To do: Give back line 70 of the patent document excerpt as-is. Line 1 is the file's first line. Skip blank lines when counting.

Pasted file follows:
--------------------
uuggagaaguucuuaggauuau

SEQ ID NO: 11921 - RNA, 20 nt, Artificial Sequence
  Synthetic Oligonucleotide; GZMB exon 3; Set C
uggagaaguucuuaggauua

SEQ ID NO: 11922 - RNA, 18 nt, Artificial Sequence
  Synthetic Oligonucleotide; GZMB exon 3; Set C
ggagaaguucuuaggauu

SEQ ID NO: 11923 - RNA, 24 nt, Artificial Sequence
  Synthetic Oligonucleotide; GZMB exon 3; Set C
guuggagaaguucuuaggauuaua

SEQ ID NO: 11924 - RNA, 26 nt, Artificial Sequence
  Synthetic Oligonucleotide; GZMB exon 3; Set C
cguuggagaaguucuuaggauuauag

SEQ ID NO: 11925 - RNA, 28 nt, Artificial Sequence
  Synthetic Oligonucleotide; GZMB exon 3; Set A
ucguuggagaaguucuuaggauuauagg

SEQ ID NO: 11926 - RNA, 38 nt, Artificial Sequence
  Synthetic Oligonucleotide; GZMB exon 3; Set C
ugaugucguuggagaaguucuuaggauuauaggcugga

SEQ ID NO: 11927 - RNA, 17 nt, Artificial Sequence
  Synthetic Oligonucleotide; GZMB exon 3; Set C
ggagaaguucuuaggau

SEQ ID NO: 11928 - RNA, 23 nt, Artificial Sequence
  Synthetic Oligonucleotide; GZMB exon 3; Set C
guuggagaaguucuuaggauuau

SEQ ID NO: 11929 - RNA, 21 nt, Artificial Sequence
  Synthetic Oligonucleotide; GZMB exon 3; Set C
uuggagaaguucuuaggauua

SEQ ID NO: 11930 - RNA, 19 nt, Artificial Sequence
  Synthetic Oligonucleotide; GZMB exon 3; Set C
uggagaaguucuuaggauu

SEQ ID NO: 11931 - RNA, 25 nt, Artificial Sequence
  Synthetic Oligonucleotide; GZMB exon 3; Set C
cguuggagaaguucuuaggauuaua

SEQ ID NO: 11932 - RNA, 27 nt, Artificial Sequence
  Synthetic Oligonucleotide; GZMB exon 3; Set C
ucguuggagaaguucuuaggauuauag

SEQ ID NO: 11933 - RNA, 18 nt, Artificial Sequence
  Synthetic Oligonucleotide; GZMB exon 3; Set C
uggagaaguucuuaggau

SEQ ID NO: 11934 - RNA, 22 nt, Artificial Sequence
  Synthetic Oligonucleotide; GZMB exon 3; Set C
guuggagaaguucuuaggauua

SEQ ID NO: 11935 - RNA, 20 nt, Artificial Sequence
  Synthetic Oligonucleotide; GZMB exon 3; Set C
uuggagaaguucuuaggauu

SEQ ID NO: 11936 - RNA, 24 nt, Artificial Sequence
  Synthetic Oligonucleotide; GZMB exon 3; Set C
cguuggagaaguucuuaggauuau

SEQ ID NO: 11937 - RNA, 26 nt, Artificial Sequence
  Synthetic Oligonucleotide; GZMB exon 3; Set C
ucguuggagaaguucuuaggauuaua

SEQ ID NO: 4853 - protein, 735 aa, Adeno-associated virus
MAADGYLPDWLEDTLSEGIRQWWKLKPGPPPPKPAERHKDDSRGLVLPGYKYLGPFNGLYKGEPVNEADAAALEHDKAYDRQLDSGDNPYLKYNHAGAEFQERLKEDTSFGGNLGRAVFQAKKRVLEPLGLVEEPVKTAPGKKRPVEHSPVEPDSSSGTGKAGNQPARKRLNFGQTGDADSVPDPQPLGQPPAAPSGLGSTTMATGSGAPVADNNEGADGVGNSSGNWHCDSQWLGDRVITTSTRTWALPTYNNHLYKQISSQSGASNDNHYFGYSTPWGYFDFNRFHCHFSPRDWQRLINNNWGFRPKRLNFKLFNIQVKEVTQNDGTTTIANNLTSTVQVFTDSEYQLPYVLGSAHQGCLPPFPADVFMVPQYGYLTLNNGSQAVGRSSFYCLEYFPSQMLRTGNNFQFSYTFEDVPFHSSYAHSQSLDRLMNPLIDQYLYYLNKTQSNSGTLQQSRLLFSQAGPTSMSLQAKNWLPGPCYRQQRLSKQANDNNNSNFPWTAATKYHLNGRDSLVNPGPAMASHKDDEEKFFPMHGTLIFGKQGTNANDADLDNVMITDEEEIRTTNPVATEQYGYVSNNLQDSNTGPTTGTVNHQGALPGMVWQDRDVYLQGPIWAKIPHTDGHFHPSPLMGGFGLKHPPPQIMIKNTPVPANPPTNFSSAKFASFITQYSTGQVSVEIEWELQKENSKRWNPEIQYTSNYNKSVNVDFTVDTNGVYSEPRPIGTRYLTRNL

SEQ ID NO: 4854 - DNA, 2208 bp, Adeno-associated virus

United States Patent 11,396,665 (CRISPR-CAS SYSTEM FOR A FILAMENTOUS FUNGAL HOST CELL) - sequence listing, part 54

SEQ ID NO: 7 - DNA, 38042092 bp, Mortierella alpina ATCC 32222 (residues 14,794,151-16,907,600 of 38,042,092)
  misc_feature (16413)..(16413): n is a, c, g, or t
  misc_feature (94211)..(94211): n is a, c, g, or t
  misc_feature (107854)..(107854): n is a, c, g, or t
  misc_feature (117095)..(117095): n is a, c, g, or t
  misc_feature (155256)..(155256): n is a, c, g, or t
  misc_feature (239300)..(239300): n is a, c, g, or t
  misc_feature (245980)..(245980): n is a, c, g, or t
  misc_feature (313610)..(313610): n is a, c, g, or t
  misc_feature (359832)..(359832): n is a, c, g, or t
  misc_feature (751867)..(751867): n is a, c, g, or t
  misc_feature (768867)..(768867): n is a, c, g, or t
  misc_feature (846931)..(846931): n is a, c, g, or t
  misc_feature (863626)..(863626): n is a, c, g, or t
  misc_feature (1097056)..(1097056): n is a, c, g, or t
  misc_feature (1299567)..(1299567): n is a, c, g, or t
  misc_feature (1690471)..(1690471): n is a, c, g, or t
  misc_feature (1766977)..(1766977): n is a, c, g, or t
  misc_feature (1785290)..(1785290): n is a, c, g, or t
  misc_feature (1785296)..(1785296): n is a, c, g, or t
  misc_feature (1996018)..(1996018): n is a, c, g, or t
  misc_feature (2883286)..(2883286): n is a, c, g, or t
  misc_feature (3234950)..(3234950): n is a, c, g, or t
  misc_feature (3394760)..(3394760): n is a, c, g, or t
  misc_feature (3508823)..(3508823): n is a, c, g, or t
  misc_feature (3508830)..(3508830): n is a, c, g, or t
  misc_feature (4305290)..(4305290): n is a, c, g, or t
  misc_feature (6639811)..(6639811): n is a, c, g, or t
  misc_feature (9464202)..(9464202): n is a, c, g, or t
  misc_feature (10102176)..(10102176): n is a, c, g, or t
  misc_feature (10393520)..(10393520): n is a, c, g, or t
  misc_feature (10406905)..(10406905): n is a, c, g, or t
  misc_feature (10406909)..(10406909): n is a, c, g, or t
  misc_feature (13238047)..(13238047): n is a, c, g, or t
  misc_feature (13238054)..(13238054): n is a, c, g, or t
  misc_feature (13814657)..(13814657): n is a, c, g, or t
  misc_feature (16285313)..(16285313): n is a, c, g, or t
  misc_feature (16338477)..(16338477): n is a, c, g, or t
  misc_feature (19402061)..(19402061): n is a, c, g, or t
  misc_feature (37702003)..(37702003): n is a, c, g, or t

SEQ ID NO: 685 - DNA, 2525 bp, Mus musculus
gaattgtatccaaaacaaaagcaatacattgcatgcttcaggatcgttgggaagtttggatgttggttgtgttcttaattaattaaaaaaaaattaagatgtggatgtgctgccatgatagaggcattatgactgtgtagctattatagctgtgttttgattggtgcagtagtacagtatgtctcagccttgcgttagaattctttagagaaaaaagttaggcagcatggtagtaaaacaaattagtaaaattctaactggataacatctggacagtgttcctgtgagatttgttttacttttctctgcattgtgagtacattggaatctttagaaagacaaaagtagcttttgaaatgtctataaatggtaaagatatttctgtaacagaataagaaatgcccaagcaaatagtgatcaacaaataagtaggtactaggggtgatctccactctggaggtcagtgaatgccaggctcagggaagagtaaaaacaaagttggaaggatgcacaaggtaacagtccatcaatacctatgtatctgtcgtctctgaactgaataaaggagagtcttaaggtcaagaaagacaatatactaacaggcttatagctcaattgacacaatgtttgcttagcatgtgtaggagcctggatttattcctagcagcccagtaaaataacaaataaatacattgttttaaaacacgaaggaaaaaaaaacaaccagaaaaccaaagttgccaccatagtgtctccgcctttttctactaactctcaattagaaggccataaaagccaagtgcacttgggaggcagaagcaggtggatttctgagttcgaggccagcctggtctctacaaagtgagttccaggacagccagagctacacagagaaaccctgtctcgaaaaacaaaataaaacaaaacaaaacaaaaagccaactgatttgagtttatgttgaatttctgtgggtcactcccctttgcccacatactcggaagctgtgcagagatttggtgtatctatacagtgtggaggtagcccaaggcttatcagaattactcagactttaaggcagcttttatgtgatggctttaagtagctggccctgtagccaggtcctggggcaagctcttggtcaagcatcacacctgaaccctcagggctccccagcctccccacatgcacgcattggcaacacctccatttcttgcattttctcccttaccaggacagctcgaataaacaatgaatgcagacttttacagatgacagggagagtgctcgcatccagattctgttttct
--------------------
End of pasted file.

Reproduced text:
  misc_feature (863626)..(863626): n is a, c, g, or t